University of Malta
 

First sea level measurements on the southern coast of Malta
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 The Cirkewwa IDSL station monitors sea level fluctuations by a microwave sensor mounted above the sea surface, measuring the distance of the air gap between the sensor and the sea.

 

We are not safe! Past events are evidence that the Mediterranean Sea is not spared from large tsunamis, and the Maltese Islands can face such seismic-generated, devastating sea waves especially from its eastern approaches. Severe wind and adverse weather conditions are often accompanied by deep lows in atmospheric pressure to which the sea responds with a rise in level (storm surge) providing like a barrier wall to storm water flow into the sea, leading to flooding like that we often experience in Msida. Flooding of coastal areas can however also occur when it is least expected during calm weather due to a phenomenon known as the ‘Milgħuba’, often referred to as a meteo tsunami, consisting of large and rapid sea level fluctuations occurring over a span of a few minutes and triggered in such cases by atmospheric gravity waves. Besides these transient phenomena sea level monitoring is also important to assess climatic changes, but with a firm commitment to long term data acquisition.


It is therefore not surprising that the history of the PO-Unit, now the Physical Oceanography Research Group (PO.Res.Grp), indeed started in 26 years ago, more precisely in May 1993, with a sea level gauge installed in Mellieha Bay, the first digital sea sensor measuring sea level fluctuations at an unprecedented frequency of 30 records every hour and permitting the sea level variability in the Maltese Islands to be assessed with precision and long term datasets. In 2001, a new more sophisticated sea level gauge was set up in Portomaso where it still continues to transmit valuable data in real time (meteo-marine observations on www.capemalta.net).

A new gauge has recently been added, at a station within the premises of Paradise Bay Resort at Cirkewwa, to measure sea level variability for the first time on the southern coast of Malta. The position of the Maltese Islands at the edge of the continental shelf that connects the archipelago to the Sicilian mainland presents an ideal oceanographic case, mimicking a permanent research vessel, to study some still unresolved dynamical features pertaining to this sea domain, like shelf oscillations and topographically trapped waves that both produce a significant signature on the sea surface movements.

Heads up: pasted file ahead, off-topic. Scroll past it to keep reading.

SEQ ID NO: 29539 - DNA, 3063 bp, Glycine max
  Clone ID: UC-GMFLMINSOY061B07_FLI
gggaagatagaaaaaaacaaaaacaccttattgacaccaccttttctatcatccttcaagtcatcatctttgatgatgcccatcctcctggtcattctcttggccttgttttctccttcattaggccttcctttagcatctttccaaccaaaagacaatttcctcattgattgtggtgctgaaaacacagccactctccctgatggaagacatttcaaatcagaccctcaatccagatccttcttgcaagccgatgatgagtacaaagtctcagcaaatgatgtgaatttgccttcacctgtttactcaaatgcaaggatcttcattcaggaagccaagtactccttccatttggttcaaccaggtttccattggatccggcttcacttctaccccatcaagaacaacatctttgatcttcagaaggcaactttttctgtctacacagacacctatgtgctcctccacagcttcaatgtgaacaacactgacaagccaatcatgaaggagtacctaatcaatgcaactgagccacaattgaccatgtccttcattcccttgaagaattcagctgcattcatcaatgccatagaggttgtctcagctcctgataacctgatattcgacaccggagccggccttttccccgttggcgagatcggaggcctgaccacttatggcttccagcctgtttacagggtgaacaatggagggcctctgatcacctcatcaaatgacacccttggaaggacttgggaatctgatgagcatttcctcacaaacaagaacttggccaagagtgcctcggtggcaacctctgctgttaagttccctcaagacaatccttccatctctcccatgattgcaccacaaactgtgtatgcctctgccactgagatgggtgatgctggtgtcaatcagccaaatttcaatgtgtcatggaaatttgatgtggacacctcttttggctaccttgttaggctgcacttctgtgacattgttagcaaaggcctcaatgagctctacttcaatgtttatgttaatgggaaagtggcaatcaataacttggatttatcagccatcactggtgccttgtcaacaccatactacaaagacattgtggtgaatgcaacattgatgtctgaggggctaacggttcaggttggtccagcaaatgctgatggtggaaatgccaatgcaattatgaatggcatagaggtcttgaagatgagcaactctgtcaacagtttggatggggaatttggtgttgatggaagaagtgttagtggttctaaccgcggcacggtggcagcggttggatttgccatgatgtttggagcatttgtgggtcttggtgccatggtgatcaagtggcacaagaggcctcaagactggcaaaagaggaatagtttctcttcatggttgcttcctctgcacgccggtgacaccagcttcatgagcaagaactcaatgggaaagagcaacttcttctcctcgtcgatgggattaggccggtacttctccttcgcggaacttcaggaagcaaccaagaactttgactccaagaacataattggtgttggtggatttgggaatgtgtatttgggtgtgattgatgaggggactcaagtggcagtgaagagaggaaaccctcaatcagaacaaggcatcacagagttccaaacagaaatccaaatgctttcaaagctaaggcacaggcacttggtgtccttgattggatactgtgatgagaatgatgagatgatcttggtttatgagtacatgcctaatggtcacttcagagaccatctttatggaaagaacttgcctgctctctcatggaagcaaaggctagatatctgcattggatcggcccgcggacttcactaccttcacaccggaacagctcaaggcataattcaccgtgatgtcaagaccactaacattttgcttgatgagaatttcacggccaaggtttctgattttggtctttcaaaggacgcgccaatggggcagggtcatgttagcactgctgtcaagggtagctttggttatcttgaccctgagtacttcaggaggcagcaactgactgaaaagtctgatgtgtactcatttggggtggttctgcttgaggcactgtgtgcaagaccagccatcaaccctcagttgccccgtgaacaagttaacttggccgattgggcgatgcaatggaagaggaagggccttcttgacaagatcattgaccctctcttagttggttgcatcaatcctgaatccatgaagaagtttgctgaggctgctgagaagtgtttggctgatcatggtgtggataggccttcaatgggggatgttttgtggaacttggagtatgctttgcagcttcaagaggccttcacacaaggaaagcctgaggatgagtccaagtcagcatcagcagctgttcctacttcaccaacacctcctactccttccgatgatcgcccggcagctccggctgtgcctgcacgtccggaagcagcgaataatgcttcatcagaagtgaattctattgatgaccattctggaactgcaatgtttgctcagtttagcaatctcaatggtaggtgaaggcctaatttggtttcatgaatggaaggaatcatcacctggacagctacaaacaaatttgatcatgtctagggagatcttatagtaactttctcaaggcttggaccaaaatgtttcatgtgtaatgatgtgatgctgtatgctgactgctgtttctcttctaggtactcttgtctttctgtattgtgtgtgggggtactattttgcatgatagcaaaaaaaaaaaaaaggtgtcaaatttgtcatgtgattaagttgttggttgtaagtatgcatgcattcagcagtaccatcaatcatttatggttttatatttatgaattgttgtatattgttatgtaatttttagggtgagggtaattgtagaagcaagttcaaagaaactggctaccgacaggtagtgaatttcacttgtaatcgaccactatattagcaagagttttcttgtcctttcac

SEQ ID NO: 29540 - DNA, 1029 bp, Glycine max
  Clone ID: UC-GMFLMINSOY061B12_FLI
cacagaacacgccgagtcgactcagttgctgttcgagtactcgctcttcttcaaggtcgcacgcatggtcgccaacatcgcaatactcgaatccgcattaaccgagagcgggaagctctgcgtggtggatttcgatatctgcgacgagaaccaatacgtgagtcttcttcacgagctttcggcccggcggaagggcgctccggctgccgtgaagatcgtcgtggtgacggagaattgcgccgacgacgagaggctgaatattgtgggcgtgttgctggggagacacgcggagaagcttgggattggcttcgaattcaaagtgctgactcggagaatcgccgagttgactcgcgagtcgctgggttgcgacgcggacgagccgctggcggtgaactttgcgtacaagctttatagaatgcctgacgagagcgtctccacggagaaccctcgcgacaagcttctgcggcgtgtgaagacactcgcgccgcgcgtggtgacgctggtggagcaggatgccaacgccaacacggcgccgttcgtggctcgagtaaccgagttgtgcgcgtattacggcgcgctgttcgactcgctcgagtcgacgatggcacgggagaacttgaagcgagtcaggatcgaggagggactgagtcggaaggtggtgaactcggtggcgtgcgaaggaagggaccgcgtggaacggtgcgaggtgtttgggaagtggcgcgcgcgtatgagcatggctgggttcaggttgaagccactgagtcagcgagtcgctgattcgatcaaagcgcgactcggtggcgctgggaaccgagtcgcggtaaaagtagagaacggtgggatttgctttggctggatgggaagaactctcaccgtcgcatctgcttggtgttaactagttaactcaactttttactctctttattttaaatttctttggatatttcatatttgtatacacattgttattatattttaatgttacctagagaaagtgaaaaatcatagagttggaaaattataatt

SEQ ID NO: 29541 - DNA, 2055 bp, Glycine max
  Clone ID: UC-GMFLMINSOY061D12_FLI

This installation matured from a collaboration between the Joint Research Centre of the European Commission (JRC) and the PO.Res.Grp with the coordination of Prof. Aldo Drago who leads sea level assessments at the University of Malta. Dr Adam Gauci is the lead responsible for the observing system of the PO.Res.Grp within the Department of Geosciences, and executed the installation of the new gauge with the support of Dr. Alessandro Annunziato from JRC-Ispra. The measuring device consists of an Inexpensive Device for Sea Level (IDSL) mounted above the sea, measuring the distance of the air gap from the sea by means of a microwave sensor. Data logging is made by a Raspberry Pi computer with a sampling interval is 15 s, and data transmission by GSM every minute to a server where it is stored, quality controlled, and prepared for online visualisation. The station is powered by a solar panel, and batteries that can provide an autonomy of seven days.

Like the station in Portomaso, this new station forms part of the Tsunami Warning and Mitigation System (NEAMTWS) established under the Inter-Governmental Oceanographic Commission (IOC) of UNESCO. This effort is being soon extended by a third station in Marsaxlokk, increasing the number of real time stations maintained by the PO.Res.Grp to a total of three. This sea level network is a building block for the national tsunami alert system that the Civil Protection Department is planning to deploy.

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Last Updated: 23 October 2019

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